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By Ian Wasser

In the United States, health insurance benefits are often included in employment compensation packages.  Thus, to be insured, one must typically have a job.  But what happens when there is racial inequality in the job market? Does this translate into minority groups essentially being denied health insurance coverage and therefore having an unnecessarily higher mortality rate?

The answer might be yes.  According the the Bureau of Labor Statistics, unemployment rates differ between majority and minority groups.  For instance, in 2003, the unemployment rate for white males was 5.0% while the unemployment rate for african-american males was 10.3%.  If health insurance is exclusively linked to employment, then clearly twice as many african-american males are being denied health insurance coverage when compared to white males.

As applied, the health insurance regime in the United States clearly violates the equal protection clause of the Fourteenth Amendment.  Specifically, the practice of linking health insurance to employment places an often already disadvantaged class of people into a position of further disadvantage.  This translates into poorer health and higher mortality.  Can it then be said that employment-linked health insurance, on the whole, is Unconstitutional?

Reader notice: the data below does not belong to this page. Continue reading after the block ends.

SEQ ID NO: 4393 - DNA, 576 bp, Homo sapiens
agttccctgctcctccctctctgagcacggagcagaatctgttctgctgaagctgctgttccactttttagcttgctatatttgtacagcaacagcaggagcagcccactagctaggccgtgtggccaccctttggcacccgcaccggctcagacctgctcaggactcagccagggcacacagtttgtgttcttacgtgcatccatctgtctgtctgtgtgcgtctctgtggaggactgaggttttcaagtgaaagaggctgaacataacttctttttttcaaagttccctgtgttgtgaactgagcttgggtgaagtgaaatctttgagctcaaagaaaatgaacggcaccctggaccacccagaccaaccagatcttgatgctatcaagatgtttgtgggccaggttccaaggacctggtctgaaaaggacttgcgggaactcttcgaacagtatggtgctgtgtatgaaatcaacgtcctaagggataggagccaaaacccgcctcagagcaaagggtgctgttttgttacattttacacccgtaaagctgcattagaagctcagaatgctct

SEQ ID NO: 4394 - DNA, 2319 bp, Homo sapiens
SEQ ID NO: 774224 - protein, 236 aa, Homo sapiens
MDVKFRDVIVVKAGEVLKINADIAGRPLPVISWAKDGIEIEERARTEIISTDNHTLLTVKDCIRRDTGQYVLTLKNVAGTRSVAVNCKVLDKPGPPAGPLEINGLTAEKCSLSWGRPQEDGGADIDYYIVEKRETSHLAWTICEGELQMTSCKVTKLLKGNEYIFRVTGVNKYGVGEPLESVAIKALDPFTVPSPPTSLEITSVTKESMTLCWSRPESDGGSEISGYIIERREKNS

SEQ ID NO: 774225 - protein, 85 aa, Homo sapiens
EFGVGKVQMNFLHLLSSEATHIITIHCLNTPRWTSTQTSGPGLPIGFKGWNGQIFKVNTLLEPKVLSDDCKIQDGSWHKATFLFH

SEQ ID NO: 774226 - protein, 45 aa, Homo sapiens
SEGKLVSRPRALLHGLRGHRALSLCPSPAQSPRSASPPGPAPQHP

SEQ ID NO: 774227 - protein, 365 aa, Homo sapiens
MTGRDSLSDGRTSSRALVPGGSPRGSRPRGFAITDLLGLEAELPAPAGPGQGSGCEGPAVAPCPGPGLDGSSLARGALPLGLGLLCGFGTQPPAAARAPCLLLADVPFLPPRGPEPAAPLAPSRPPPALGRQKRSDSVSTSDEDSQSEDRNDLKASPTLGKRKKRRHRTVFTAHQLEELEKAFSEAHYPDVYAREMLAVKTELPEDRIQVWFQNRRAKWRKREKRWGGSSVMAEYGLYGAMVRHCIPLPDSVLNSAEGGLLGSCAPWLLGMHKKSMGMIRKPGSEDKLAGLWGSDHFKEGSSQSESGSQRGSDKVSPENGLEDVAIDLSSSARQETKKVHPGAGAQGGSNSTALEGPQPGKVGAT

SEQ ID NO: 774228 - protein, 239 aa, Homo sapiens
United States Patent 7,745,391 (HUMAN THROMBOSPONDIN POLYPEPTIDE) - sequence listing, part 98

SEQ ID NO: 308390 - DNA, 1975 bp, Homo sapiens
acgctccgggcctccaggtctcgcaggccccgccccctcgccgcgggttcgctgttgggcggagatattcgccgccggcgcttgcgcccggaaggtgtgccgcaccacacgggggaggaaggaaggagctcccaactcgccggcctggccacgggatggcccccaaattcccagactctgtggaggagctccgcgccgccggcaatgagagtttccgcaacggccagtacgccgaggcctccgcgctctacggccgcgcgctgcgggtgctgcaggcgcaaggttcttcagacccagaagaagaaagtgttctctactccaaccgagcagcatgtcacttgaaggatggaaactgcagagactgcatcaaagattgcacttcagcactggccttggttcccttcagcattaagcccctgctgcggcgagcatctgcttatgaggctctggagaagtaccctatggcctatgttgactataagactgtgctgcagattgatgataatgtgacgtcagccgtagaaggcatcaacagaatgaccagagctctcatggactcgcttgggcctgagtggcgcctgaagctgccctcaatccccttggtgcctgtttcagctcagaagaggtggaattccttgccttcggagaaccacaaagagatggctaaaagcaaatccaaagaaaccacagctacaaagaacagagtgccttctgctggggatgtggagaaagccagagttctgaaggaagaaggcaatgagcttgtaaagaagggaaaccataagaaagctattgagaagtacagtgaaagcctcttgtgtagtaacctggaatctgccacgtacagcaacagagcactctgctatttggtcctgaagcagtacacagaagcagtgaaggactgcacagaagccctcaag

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2 Comments

  1. I think you are going to need a radical reinterpretation of current constitutional law doctrine before an equal protection violation will exist. We can start with the current understanding of the “state action” requirement of the 14th amendment equal protection and 5th amendment due process/equal protection. Also, one does not “need” a job to obtain health insurance. One needs money and respectable health.

  2. I agree–the Constitution should have much of the judge-made legal variations removed or re-interpreted or both. The Fourteenth Amendment was enacted after the Civil War, as a response to provide equal treatment to all people.

    Specifically, a state may not “deny to any person within its jurisdiction the equal protection of the laws.” I read this to imply that states are required to enact legislation that provides equal protection for all people in a multitude of situations. One such situation is mandated health care for all people.

    I fail to see an equal protection clause in the Fifth Amendment, from a plain reading of that text. The Fifth Amendment, as enacted, is solely directed to protect the rights of people accused of criminal offenses. The implied equal protection aspect of this Amendment is that every person receives this same protection when accused of a crime.

    The skewed variations of the Supreme Court, including introducing illogical interpretations on the Fourteenth Amendment like “substantive due process,” has ruined the intent of the enactment of this Amendment.

    I would also agree that one doesn’t necessarily need a job to have health insurance. Someone needs money, which usually comes from a job.


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